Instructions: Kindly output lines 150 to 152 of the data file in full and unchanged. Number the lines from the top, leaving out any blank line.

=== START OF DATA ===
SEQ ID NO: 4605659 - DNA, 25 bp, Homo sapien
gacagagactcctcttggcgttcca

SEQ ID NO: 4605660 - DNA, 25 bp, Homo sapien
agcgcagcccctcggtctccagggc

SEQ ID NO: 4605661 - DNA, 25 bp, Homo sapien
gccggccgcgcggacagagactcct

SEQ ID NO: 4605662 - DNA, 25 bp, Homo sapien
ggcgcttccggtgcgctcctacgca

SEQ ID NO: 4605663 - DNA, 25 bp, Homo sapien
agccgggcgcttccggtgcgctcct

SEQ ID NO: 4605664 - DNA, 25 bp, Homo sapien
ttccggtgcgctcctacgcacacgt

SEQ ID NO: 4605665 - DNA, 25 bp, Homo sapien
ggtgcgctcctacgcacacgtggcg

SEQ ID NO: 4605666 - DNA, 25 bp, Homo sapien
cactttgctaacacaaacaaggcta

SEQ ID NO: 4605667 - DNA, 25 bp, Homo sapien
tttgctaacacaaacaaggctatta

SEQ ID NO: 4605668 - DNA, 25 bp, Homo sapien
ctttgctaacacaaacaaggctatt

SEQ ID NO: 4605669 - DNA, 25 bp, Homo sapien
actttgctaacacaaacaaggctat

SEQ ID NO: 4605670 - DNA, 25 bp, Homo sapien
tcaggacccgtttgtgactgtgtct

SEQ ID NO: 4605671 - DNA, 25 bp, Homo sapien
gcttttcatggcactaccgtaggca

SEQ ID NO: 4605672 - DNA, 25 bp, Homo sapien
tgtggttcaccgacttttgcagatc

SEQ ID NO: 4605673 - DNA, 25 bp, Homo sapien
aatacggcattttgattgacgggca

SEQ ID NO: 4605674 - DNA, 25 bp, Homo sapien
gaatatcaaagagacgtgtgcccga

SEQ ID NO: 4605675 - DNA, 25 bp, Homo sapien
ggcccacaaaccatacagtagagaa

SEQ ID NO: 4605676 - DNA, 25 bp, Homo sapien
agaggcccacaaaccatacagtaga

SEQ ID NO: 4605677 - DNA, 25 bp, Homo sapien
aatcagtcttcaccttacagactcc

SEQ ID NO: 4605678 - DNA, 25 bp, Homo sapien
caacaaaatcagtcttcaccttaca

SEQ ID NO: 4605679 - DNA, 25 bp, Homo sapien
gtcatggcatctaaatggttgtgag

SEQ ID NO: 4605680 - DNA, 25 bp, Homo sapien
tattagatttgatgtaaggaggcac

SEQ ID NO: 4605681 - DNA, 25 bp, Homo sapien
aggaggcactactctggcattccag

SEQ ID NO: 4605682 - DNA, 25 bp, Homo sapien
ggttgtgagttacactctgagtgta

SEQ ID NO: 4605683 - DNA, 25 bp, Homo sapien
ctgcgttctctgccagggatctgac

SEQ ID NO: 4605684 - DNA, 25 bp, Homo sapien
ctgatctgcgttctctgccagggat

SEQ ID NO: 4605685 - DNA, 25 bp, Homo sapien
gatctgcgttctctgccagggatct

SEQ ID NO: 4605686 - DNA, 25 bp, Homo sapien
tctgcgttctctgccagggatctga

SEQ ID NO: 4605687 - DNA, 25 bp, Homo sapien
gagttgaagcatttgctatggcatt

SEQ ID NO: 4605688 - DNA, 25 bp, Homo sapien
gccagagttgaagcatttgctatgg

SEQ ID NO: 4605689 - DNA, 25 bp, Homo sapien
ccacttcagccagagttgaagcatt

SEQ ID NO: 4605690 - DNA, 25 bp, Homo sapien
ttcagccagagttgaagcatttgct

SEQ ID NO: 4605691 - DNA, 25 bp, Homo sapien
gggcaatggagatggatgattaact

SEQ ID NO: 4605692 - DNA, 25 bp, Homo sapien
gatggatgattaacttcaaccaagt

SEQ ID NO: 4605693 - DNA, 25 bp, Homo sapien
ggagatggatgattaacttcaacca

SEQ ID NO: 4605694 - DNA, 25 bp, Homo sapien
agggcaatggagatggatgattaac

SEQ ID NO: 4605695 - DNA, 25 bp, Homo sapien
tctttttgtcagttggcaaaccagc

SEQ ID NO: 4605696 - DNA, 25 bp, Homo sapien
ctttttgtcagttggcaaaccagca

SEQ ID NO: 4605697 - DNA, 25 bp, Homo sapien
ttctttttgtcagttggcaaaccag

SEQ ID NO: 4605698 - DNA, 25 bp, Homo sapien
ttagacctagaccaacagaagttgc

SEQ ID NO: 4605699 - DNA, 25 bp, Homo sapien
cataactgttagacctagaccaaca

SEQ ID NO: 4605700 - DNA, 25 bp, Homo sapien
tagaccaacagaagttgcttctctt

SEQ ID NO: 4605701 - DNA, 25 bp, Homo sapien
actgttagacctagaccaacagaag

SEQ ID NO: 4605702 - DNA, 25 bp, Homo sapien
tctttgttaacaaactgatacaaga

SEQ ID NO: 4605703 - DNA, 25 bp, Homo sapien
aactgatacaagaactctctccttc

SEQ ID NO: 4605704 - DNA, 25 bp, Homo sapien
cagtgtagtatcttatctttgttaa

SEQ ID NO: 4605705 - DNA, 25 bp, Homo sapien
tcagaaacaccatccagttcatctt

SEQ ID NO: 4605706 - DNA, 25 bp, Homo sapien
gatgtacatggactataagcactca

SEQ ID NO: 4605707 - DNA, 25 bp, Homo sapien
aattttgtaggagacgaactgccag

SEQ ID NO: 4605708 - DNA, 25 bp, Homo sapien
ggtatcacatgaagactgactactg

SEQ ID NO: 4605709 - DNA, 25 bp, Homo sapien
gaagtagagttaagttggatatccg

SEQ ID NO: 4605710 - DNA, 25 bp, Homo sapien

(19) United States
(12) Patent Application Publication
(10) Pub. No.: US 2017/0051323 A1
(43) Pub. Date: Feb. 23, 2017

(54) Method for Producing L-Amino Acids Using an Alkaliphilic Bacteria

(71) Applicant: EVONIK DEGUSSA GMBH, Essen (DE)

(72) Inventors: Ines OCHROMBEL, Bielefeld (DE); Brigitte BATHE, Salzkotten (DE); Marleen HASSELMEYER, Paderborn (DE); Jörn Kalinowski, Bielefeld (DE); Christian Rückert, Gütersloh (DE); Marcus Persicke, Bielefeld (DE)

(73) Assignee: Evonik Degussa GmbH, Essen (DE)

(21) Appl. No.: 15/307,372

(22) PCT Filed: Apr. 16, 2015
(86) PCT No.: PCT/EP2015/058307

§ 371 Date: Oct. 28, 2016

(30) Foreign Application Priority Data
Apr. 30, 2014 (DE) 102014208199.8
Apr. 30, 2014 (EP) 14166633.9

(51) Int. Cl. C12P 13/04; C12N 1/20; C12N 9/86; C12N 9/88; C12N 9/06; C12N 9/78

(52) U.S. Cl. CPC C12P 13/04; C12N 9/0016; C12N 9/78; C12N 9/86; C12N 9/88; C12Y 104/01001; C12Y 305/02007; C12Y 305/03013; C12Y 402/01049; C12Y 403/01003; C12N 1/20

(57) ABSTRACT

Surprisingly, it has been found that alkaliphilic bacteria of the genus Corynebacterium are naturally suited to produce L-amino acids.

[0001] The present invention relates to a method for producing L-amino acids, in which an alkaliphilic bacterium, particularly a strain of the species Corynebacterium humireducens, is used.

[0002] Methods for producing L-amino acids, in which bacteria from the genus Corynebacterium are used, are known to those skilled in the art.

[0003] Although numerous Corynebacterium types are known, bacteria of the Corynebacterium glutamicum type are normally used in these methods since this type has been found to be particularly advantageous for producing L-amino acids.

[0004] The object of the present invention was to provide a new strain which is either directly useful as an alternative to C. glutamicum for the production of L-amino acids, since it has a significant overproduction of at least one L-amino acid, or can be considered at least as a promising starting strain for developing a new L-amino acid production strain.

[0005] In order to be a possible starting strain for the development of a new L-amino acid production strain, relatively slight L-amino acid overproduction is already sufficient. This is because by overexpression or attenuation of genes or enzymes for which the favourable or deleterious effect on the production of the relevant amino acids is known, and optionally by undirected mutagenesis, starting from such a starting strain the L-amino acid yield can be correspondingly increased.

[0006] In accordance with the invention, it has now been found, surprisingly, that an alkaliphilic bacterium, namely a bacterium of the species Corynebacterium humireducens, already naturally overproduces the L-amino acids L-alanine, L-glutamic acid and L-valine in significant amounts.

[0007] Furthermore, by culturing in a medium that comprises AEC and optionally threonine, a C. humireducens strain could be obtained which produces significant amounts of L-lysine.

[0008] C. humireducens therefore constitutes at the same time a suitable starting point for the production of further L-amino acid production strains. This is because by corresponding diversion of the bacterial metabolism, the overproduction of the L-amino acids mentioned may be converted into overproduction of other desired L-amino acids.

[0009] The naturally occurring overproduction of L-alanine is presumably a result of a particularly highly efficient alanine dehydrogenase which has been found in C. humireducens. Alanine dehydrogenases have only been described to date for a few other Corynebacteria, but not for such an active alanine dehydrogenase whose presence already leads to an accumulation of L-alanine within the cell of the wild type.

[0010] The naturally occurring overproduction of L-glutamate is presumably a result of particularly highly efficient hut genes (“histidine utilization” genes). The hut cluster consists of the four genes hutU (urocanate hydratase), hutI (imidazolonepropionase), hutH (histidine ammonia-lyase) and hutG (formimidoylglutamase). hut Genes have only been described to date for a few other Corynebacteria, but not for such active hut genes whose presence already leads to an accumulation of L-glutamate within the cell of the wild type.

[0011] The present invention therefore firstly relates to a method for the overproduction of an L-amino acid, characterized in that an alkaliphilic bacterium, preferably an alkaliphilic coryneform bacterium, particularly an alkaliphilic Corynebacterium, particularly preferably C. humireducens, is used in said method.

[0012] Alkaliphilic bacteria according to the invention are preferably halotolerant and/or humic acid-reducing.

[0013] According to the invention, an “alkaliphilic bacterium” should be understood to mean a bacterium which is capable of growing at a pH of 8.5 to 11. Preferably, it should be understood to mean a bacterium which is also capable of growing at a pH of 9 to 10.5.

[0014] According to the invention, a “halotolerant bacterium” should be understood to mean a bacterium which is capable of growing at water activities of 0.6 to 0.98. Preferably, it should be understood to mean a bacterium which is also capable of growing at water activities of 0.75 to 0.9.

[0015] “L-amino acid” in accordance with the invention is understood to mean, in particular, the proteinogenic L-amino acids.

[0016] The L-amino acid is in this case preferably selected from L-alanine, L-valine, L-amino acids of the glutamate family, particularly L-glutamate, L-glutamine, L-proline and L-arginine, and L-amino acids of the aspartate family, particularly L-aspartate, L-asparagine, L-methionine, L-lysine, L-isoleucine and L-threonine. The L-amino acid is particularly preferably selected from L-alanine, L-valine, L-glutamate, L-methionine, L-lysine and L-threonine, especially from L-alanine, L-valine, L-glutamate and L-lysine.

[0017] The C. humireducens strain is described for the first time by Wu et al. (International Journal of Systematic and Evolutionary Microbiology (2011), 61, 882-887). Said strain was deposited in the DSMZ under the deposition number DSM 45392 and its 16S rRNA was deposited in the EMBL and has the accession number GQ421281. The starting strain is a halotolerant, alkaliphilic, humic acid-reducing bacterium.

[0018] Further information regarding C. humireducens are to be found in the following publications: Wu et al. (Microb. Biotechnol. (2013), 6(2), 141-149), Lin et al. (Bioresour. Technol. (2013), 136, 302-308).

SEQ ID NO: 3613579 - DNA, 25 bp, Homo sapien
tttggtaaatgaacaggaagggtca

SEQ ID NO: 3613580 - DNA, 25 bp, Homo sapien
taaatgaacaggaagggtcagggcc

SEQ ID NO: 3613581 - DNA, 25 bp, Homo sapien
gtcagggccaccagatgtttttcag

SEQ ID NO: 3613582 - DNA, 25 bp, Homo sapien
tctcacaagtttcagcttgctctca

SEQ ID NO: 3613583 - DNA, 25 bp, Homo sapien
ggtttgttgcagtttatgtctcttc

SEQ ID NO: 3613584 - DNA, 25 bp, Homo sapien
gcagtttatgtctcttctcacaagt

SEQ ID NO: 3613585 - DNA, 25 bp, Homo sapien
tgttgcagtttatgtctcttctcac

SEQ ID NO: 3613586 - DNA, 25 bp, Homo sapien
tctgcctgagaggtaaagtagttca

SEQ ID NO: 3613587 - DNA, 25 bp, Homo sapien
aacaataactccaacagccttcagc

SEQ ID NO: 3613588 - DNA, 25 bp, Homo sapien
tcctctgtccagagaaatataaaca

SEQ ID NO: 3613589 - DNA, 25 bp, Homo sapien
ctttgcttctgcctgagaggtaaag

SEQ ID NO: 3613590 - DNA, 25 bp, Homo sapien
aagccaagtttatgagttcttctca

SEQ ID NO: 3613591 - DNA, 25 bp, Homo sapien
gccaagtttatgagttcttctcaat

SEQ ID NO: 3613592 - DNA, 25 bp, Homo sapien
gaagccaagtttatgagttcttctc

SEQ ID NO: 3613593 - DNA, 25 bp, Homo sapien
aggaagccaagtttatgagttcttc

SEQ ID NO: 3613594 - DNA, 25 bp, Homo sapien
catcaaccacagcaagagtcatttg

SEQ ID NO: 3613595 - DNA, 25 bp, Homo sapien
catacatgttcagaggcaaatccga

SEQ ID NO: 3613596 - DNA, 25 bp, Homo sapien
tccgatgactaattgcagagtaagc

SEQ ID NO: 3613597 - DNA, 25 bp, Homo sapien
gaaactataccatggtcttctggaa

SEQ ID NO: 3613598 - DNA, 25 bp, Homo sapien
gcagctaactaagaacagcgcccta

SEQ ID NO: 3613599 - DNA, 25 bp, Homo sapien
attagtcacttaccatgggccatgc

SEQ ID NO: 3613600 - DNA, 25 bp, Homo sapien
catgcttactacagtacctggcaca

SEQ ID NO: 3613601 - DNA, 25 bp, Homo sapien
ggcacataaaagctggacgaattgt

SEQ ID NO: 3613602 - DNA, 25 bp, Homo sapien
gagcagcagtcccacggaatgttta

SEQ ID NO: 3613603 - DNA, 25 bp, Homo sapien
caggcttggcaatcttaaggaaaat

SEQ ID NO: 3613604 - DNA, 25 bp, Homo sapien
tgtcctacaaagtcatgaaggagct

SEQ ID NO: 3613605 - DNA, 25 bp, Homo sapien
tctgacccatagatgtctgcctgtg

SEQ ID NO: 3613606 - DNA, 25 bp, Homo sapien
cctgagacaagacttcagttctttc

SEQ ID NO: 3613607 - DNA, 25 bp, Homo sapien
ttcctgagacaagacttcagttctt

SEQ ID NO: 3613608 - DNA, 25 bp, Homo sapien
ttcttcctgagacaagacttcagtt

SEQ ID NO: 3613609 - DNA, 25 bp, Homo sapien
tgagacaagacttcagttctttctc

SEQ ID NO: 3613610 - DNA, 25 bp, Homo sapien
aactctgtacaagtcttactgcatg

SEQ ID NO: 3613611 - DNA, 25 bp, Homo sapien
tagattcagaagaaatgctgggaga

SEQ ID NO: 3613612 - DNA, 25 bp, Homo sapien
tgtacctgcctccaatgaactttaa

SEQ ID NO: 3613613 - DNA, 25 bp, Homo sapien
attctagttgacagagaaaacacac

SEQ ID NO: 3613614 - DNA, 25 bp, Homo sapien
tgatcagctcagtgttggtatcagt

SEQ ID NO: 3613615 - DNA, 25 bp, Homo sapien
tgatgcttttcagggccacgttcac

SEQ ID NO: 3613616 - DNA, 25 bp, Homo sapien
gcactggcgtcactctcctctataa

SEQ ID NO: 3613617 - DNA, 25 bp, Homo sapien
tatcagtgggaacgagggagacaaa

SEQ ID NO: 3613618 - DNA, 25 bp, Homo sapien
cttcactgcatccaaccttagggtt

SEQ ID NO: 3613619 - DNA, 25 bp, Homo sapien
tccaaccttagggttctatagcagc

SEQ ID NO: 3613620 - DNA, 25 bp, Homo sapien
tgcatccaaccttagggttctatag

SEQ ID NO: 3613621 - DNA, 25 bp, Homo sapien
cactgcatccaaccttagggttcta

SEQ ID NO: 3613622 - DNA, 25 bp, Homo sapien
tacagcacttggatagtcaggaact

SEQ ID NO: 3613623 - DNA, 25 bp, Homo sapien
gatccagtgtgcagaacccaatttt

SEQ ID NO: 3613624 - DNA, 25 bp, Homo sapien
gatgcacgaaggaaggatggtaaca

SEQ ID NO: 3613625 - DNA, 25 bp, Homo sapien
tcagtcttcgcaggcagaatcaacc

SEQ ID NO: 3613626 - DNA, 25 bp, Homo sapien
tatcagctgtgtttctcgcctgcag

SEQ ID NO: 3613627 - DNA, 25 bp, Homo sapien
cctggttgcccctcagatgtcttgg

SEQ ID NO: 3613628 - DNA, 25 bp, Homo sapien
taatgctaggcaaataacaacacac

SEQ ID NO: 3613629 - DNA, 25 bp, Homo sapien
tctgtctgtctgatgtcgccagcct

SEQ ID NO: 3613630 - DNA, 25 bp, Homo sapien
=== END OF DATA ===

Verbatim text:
ggtttgttgcagtttatgtctcttc

SEQ ID NO: 3613584 - DNA, 25 bp, Homo sapien
gcagtttatgtctcttctcacaagt